If they dropped in AdSense units, there would be an uproar for about a week, then people would adapt and life would go on with a significantly bolstered revenue stream. Worst that happens is that more users would still be adblocking, but given their page view volume compared to their expenses, I can't imagine that even that would be a net loss.
Uh... therefore reddit gold. That's the point.
The key to this is user retention, and if reddit users are loyal to reddit (which they seem to be, especially those willing to pull their credit cards) I wouldn't be surprised to see retentions on the order of 6 months or more.
What do you base the 2% on ?
For Reddit, yes you'll get a number of die-hard fans who want to subscribe. But I don't believe that there is a big enough value proposition for the userbase to do that en-masse. They may as well just set up their own reddit since the code is open source (And wouldn't be that hard to recreate if it wasn't).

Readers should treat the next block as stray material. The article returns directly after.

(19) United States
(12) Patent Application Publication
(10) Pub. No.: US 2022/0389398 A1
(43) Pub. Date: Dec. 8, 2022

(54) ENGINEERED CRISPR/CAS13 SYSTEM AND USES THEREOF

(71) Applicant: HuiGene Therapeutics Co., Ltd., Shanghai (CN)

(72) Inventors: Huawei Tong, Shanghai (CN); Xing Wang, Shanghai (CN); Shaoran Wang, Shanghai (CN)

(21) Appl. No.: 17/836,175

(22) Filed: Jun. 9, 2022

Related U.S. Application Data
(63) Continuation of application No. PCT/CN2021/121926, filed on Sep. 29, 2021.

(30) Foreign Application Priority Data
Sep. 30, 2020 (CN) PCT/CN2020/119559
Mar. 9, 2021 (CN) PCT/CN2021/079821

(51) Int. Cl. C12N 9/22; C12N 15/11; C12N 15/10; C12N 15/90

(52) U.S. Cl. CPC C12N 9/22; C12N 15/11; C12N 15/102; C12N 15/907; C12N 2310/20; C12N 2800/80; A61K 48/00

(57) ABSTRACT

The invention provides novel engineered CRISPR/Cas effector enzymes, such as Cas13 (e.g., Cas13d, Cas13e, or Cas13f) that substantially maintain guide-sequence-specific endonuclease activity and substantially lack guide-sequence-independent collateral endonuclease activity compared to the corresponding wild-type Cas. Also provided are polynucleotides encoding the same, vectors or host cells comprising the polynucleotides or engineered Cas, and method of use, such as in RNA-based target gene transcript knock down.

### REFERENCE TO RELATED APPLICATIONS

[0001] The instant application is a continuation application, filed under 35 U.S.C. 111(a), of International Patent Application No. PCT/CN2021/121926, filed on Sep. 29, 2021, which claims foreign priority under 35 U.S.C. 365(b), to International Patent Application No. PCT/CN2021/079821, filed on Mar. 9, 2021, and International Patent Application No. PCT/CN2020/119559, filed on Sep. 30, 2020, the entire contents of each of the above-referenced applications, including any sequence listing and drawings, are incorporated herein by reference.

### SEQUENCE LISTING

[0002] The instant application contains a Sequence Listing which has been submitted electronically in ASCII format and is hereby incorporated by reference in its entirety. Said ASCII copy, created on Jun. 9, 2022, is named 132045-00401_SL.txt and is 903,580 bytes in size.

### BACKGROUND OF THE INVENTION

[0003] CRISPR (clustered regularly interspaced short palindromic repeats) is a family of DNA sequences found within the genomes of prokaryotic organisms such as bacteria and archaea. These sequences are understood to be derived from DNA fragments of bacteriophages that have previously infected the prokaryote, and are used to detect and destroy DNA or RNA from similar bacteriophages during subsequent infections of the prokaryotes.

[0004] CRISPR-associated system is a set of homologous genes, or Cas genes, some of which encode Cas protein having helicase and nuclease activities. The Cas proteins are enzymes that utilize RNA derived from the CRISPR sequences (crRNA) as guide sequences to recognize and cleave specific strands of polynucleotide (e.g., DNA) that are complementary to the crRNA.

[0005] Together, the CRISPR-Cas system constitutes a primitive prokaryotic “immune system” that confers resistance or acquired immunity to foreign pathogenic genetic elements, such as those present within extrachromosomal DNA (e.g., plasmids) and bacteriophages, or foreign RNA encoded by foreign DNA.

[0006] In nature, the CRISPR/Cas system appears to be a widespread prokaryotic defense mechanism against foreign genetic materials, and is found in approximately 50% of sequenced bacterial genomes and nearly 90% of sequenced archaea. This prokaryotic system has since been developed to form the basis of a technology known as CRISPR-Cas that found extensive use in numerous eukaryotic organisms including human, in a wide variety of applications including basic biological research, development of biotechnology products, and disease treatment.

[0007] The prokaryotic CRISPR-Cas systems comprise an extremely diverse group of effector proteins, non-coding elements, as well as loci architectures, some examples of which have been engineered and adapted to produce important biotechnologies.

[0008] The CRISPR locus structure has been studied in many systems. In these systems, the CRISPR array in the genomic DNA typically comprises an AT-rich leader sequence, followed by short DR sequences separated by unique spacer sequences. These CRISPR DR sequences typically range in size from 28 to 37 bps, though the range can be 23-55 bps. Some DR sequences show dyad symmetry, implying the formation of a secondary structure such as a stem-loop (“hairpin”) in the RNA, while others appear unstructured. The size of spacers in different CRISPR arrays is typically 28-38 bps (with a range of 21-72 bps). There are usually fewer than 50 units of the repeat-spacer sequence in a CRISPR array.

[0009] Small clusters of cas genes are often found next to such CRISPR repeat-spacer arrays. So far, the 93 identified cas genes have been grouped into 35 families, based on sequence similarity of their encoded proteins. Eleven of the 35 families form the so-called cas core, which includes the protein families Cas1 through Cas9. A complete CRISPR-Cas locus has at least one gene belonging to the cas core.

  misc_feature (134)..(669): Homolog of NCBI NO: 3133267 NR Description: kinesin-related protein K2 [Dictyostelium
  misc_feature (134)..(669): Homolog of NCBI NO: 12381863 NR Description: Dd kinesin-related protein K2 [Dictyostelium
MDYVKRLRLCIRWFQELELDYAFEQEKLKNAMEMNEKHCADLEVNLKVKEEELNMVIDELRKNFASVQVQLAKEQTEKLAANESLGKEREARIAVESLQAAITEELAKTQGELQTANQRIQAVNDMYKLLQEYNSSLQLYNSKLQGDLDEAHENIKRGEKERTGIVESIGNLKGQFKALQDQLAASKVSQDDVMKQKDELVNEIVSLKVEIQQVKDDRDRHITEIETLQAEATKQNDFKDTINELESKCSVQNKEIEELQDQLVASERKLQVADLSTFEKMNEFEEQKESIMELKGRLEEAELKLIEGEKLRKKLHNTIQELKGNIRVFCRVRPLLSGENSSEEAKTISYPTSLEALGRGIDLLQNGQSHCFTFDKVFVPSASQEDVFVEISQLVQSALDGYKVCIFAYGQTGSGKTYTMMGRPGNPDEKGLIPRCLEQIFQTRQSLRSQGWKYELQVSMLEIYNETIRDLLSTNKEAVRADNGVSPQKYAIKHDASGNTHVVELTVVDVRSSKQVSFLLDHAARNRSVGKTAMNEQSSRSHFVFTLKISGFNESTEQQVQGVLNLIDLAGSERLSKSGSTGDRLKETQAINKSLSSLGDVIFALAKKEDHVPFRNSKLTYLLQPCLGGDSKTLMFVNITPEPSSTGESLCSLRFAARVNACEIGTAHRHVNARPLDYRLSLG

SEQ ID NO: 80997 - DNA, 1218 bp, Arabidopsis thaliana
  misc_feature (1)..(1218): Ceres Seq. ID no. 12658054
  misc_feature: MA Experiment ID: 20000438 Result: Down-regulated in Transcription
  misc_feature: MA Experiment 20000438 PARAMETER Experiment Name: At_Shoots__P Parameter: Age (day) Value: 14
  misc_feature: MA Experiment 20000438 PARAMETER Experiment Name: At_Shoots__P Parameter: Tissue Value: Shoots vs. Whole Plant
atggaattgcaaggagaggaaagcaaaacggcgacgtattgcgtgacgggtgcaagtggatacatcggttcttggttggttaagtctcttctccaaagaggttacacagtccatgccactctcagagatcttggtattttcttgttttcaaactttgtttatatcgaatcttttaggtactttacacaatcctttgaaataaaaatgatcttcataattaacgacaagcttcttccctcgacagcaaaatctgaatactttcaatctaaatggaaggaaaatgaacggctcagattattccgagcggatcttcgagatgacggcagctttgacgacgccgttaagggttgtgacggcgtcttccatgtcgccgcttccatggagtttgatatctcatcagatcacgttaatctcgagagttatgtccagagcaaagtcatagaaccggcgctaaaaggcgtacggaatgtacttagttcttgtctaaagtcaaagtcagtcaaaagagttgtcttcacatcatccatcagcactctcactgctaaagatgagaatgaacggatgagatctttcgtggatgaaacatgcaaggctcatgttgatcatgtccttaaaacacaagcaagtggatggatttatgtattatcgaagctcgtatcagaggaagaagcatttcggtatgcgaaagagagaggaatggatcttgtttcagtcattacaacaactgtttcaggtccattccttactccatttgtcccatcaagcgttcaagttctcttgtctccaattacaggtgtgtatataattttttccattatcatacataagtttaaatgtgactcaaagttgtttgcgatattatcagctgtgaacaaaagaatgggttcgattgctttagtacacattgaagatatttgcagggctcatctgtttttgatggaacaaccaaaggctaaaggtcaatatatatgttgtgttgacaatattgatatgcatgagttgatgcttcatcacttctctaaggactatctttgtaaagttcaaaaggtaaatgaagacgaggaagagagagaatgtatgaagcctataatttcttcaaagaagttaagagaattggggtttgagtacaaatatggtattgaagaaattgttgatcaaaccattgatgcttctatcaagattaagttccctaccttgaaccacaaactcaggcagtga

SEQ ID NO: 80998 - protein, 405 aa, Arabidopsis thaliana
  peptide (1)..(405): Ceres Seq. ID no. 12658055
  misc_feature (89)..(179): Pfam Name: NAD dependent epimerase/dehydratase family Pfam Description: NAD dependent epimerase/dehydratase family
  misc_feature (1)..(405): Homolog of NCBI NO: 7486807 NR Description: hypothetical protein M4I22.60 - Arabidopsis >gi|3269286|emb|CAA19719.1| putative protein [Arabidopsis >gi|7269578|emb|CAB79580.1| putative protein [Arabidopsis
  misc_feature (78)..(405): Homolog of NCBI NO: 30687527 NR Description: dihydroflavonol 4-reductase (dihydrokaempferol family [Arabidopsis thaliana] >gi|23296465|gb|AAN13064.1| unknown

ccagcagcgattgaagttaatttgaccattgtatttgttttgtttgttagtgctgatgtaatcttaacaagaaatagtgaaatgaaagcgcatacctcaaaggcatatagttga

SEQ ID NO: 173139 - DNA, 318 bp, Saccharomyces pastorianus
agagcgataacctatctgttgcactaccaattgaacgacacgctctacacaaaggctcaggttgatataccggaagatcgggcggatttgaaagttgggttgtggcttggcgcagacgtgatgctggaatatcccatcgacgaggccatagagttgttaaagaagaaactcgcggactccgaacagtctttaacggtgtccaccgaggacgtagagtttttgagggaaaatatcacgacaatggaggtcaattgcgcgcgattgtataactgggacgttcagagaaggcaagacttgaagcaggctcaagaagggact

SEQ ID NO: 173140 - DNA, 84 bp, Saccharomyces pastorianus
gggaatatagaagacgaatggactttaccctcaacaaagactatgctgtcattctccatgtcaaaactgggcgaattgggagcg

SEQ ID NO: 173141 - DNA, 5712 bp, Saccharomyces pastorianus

It might be different if:
A). Reddit wasn't spending crazy money on servers
B). Reddit wasn't owned by a multinational corporation
C). Reddit hadn't pandered to, and cultivated a staunchly
anti advertising userbase.
Also from their latest blog post, it looks like they're just spending the 'reddit gold' money on more hardware! Instead of fixing the underlying issues.
The 'news' angle is a silly one, but they could definitely think up features that people would pay for that are not available right now in the free product.
The real issue with reddit making money from advertising (aside from the ad blocking) is that the CPMs that are quoted here (between 2 and 9$) are not realistic for their number of pageviews. By the time all the unsold inventory is taken out you probably end with $0.05 ECPM or maybe 10 cts per click (and that would be pretty good).
I'm really interested in how much they were paying before for their bandwidth and hosting if going to EC2 actually lowered their costs, they must have had the worst deal on the net for that to be true.
Right now, $30K / month buys you 20 (very) fat servers and 20 Gbps flat rate, managed hosting.
I'd really like to see someone make the case they can get that kind of performance out of EC2 for a similar cost.
And hiring a designer! Because, you know, that'll fix their load issues.
(The point stands, though, that "basic" doesn't mean "light").